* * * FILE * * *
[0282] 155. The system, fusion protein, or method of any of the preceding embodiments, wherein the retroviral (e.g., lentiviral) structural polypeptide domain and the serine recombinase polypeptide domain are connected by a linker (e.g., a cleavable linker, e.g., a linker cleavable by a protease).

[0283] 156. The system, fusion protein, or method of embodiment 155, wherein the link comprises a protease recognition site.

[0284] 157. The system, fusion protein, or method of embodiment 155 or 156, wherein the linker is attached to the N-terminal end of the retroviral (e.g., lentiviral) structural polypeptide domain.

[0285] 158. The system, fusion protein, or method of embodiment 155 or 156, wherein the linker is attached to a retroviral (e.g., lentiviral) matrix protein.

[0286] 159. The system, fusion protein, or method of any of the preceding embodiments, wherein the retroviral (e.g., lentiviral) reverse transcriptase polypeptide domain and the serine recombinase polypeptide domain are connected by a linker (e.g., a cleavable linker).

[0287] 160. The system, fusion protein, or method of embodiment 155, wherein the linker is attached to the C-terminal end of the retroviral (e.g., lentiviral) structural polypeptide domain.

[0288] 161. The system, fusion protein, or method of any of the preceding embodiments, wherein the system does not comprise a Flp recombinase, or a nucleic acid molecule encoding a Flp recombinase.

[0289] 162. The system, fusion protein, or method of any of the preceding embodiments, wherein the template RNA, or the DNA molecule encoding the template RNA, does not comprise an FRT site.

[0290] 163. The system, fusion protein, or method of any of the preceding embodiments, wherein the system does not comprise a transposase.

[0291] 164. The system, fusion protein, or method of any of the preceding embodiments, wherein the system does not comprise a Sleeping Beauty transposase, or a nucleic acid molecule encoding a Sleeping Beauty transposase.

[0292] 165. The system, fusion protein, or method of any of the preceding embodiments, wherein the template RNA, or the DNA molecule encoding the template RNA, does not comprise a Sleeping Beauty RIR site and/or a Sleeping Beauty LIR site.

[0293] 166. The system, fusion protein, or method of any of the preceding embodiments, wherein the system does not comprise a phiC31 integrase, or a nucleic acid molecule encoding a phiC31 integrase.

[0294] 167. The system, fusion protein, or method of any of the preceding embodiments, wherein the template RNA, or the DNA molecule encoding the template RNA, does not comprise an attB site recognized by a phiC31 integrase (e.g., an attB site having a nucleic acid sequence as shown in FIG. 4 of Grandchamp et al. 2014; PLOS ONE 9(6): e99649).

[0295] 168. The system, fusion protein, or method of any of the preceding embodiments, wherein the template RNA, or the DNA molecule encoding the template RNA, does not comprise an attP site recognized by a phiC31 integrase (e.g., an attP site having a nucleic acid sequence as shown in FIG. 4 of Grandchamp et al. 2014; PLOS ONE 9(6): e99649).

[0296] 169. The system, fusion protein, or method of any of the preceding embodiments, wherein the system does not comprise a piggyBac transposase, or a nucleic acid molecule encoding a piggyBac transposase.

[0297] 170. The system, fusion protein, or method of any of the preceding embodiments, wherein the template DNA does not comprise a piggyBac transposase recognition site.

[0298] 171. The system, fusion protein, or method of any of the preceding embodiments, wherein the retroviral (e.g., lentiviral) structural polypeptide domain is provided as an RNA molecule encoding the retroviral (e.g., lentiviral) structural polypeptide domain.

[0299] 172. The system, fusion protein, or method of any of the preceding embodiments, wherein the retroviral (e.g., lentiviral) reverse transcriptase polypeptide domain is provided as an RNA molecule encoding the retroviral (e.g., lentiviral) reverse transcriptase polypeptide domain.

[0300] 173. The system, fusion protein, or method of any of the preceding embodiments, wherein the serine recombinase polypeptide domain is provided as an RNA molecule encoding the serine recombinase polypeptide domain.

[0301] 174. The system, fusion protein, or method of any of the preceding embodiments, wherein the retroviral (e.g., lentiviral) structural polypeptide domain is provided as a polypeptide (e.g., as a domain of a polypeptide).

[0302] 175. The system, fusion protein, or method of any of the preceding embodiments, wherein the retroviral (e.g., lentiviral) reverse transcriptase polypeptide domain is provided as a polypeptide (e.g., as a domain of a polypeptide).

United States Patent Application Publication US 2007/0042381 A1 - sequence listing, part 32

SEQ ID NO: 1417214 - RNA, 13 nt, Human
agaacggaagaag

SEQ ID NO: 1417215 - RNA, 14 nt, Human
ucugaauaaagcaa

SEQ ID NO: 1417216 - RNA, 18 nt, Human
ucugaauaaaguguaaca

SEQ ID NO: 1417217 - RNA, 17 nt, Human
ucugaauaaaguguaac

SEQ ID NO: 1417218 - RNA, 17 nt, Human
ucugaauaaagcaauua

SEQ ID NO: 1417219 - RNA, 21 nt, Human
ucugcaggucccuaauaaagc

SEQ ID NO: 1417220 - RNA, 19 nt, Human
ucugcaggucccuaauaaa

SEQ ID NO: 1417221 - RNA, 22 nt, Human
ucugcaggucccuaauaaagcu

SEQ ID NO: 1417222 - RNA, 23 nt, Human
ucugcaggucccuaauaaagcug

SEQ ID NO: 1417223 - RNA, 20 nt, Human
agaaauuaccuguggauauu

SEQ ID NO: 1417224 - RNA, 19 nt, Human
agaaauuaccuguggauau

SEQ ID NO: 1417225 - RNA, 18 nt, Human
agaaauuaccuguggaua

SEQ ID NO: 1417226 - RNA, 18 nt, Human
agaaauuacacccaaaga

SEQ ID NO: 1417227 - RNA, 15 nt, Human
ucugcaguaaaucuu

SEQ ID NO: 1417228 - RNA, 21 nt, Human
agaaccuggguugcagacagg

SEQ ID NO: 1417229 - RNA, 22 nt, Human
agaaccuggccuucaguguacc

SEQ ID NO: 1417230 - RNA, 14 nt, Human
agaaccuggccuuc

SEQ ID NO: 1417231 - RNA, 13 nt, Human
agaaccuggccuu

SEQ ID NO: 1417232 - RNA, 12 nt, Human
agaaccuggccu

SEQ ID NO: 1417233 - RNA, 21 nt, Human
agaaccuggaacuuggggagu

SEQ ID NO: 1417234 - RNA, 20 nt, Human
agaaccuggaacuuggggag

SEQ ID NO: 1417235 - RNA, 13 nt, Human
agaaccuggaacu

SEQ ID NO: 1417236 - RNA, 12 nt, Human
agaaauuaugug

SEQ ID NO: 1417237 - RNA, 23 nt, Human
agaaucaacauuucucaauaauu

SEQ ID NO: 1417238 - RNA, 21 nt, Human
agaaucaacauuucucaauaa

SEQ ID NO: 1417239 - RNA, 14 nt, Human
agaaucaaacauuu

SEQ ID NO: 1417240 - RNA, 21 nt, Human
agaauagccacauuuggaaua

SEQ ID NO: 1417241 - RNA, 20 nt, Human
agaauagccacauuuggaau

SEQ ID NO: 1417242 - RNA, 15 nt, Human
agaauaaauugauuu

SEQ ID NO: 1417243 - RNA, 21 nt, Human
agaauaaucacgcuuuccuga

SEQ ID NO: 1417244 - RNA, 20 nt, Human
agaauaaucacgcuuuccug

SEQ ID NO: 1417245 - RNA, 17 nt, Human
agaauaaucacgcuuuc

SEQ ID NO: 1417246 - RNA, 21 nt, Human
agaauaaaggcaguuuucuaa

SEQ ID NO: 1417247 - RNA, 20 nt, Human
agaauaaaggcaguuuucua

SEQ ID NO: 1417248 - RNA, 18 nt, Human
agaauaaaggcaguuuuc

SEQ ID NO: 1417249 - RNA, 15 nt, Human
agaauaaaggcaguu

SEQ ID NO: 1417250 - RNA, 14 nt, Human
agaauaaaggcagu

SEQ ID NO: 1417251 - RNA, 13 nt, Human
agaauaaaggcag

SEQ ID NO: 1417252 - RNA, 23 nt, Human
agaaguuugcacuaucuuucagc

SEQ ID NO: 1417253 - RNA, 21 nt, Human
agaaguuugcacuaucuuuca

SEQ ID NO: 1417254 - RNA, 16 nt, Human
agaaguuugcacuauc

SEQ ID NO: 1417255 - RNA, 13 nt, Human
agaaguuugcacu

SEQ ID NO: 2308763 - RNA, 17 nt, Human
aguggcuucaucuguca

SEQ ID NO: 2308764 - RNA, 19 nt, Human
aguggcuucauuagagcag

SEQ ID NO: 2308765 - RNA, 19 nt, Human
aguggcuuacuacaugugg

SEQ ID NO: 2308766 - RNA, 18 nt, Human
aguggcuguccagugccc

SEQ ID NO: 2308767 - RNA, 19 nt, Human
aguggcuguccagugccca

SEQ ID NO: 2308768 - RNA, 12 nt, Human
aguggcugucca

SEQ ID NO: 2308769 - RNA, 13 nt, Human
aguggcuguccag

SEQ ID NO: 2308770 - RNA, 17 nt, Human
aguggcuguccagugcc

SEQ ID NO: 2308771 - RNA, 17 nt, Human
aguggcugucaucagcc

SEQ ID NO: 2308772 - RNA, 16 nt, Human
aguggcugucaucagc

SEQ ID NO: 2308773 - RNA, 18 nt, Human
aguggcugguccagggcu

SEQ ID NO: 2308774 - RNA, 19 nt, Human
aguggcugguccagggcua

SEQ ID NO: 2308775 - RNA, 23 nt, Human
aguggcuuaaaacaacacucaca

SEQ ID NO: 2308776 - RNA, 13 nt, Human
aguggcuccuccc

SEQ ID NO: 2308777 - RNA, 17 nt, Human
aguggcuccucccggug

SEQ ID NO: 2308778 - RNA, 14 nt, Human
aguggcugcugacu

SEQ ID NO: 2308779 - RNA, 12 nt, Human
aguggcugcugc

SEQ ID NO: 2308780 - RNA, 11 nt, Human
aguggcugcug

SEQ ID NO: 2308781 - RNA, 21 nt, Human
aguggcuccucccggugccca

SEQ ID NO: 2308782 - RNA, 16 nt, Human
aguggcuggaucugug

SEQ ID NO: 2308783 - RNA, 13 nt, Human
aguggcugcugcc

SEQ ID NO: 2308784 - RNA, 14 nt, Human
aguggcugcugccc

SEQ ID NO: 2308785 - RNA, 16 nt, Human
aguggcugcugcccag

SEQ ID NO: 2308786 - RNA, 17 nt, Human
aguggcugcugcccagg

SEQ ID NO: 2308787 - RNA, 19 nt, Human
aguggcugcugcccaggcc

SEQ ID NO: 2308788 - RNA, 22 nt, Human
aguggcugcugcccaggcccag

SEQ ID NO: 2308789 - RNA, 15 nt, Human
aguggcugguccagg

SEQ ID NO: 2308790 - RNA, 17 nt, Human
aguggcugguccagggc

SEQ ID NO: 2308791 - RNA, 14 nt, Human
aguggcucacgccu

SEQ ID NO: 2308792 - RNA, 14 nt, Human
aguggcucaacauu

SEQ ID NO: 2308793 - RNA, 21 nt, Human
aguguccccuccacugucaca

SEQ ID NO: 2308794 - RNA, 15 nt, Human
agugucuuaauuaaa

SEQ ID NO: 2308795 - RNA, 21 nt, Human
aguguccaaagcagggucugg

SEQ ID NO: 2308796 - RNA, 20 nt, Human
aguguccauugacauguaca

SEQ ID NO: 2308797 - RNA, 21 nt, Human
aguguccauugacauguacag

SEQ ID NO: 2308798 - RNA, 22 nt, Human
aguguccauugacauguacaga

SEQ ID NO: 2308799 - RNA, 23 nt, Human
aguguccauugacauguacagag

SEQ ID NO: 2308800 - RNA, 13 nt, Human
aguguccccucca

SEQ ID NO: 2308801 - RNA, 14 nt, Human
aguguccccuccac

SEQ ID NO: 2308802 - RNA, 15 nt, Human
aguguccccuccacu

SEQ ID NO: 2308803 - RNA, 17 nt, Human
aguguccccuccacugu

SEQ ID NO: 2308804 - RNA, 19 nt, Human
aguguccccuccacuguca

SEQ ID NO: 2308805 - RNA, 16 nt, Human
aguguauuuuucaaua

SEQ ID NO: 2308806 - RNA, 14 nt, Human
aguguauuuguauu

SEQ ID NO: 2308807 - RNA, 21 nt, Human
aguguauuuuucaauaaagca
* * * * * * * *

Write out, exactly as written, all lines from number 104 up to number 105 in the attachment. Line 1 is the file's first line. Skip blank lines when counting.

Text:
agaaguuugcacuauc

SEQ ID NO: 1417255 - RNA, 13 nt, Human